Online Landscape Design – The Pros & Cons
I’m one of those landscape designers who loves to design gardens of all kinds and as the author of several books on the subject of landscape design I am contacted by people from all over the world, from a range of economic levels. They come to me because they’ve seen my work and really want my help with their gardens. I’m not just flattered, I’m touched. But often they are not aware of what is involved in developing a landscape design plan – of how much goes into it, of how much it can cost and of the potential problems involved.
In the traditional approach, I travel to a client’s locale – which normally is anywhere throughout the United States and sometimes abroad, and either stay there, developing the design and then implementing, or I spend some time getting to know the clients and their property, take pictures and return to my studio to work on the drawings. I do a conceptual design plan and either bring that to them to discuss, or send it. Once that’s a go, I will usually then return to their property with a completed landscape design plan and see to its implementation.
But that gets to be expensive, and here are these other individuals who think highly enough of my work to reach out well beyond their locale (and sometimes beyond their means) to seek my help. Because of their attitude, their respect and valuation, these are people I really want to work with. That is why I started offering an online landscape design service – to be able to give them what they so ardently want, without them breaking their budget or me giving away the store.
I have found over the years that the process works well but it is not without its difficulties. Almost all my clients end up quite happy – the process is so designed as to pretty much ensure this is how it goes – , but not all have and with a few there have been some bumps along the way that could have been avoided. Here I would like to explain the difficulties and potential problem areas for those who might consider (and given the economic climate, more and more are considering) having a landscape design done through this online approach. Because this can, and should be an enjoyable process for all concerned.
The first thing, and perhaps the most important that clients should understand and designers should live up to is that any landscape design that is worth the term involves a creative and often time consuming process. No real designer pulls designs from his hat nor adapts some previous design to the new site. A design is, or should be, a response to the people it is for and the site it is to occupy. It will always involve practical considerations that must be addressed with the goal always to create, not only a space beautiful to see, but a pleasure in which to be.
A lot of work goes into this and good designers never hand over a garden design they don’t personally love. It is born of devotion and, hopefully, talent. If the concept design plan you receive doesn’t seem right for you, don’t fret. It can and will be redone. If the designer missed his mark on the first go – not a problem. New feedback will turn him in the right direction. This is, or can be, part of the process and is one of the potential values of doing a concept plan – to explore concepts.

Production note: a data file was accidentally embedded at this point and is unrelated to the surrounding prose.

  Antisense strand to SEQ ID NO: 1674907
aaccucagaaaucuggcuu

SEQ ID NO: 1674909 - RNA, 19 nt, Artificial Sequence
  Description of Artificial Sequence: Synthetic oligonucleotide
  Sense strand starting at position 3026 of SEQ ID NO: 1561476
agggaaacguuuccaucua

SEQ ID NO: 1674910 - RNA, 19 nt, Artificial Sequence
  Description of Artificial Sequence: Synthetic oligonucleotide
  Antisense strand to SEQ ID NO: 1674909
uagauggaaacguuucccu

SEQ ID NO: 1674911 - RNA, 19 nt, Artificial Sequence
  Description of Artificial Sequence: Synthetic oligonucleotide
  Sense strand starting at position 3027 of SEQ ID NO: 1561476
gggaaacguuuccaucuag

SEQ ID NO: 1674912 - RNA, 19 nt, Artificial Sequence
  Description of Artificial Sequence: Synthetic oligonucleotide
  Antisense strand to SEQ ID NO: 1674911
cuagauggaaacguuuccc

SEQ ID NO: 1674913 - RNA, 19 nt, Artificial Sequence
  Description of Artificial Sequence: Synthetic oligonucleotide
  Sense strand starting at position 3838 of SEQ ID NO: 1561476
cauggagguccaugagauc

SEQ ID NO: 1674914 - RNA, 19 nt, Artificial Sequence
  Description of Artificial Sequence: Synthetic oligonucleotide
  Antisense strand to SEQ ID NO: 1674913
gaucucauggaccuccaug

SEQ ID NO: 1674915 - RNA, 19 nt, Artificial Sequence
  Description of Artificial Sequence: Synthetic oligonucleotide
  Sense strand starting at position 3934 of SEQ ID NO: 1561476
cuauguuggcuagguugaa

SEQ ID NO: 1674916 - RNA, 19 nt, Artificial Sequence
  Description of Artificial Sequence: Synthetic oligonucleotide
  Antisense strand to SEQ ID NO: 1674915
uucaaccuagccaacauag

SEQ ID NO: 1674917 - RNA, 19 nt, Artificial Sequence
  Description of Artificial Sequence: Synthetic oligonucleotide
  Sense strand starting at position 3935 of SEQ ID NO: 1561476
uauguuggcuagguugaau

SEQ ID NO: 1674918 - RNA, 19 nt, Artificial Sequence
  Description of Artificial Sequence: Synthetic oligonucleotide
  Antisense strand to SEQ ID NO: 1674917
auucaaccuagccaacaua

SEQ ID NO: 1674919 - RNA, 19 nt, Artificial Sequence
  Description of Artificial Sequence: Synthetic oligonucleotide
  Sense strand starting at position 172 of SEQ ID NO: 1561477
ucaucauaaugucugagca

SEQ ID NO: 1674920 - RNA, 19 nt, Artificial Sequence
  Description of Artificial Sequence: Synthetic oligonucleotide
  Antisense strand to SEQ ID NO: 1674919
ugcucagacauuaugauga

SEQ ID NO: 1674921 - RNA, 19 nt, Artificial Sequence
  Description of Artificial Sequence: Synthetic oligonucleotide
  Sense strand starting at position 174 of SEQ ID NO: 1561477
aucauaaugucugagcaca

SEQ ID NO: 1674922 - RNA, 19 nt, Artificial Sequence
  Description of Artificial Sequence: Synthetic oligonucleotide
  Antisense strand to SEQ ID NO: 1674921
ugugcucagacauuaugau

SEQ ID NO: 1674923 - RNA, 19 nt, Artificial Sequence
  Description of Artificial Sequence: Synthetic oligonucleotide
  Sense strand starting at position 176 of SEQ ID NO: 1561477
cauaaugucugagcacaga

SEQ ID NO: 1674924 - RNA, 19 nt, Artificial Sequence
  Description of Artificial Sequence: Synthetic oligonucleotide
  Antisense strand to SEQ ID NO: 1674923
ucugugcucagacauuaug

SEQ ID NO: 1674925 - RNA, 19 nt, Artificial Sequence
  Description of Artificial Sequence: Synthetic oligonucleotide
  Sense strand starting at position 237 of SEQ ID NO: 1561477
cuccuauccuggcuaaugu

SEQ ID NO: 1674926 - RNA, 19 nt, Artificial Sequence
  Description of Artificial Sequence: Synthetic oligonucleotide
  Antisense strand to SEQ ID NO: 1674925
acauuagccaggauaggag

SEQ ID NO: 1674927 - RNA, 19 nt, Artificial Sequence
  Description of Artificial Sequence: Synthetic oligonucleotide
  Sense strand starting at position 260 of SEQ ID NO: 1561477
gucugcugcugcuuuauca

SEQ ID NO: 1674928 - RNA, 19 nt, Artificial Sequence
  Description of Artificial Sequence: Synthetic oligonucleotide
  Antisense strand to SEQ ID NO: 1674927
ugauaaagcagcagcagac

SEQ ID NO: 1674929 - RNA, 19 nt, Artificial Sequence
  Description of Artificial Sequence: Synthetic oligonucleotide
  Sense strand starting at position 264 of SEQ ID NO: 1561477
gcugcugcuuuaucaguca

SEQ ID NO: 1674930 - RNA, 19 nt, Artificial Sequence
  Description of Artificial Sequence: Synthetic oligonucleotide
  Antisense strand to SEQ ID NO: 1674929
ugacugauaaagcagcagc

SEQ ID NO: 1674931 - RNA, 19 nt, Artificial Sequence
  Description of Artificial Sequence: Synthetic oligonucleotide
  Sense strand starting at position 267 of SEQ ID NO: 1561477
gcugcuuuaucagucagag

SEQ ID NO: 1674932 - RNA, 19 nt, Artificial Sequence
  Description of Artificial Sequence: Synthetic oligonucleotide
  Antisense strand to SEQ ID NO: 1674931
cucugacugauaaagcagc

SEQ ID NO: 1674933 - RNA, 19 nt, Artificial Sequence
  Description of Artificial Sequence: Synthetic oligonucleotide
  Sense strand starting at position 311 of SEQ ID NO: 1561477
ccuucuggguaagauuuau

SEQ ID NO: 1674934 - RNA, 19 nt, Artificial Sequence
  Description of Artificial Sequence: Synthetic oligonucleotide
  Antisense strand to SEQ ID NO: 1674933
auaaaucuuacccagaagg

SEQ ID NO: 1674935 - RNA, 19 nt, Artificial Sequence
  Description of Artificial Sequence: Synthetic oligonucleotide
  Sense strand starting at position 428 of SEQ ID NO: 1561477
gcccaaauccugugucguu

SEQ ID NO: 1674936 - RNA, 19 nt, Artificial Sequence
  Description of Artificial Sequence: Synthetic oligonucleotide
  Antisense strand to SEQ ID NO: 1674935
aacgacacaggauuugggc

Sometimes it has happened that after going through the design process and sending out a design I think is wonderful I get a negative response from the client. Or rather, in the case I’m referring to, from the client’s wife. It took me a while to understand the dynamics involved. Part was the fact that I had had no communication with her until she responded to the completed concept plan. I was designing in response to him. The other aspect was one of comprehension of what a design plan is.
Some people simply don’t understand that the most beautiful garden they’ve ever seen began with a piece of paper – a blueprint, just like the one they’re holding. Even though renderings are included the client is not able to make sense of the plan-view drawings and because I’m not there to fully explain each aspect, they simply don’t realize that all those lines on the paper have real meaning – taken together they represent a comprehensive design that if followed, will yield a beautiful garden and that is precisely what they hired me to create.
Another potential difficulty, and I bet you can guess what’s coming, is basic communication. Designers go a long way into understanding their clients beyond merely what’s said. The best designers read their clients well and give them more than they’d even hoped for, even with online design. But we’re not exactly mind readers and if you don’t tell me that you hate red or that your neighbor keeps a loud dog next to where I was planning a sitting area, I’m not liable to guess it.
This is why I ask my clients a lot of specific questions: How do you want to use the garden, at what times of day and year? What does your spouse like? Do you have pets? Kids? What about your neighbors? What art do you like? Do you want water in your garden? Do you like to barbeque and so on. Then I ask them to rant, ramble, say whatever comes to mind – it all tells me something about them and that goes into the hopper from which will eventually emerge a design plan that is right for them.
Plants and planting is another area of potential confusion. When most people think of a garden they think of plants and many clients expect a detailed plant list. I don’t ever do a detailed plant list, even for local clients, and in my view no landscape designer should. Here’s why.
To begin with, it’s a waste of time. The chances of any or even all the nurseries having all the plants you specify at any given time, unless you’re working with a very limited and typical selection, is nil. And if I planned this particular plant to go with those plants and they don’t have this plant, then the whole arrangement goes out the door. But more importantly, creating a detailed plant list in advance is a disservice to the design, the garden and the client. Combining plants is an art form not best practiced on paper.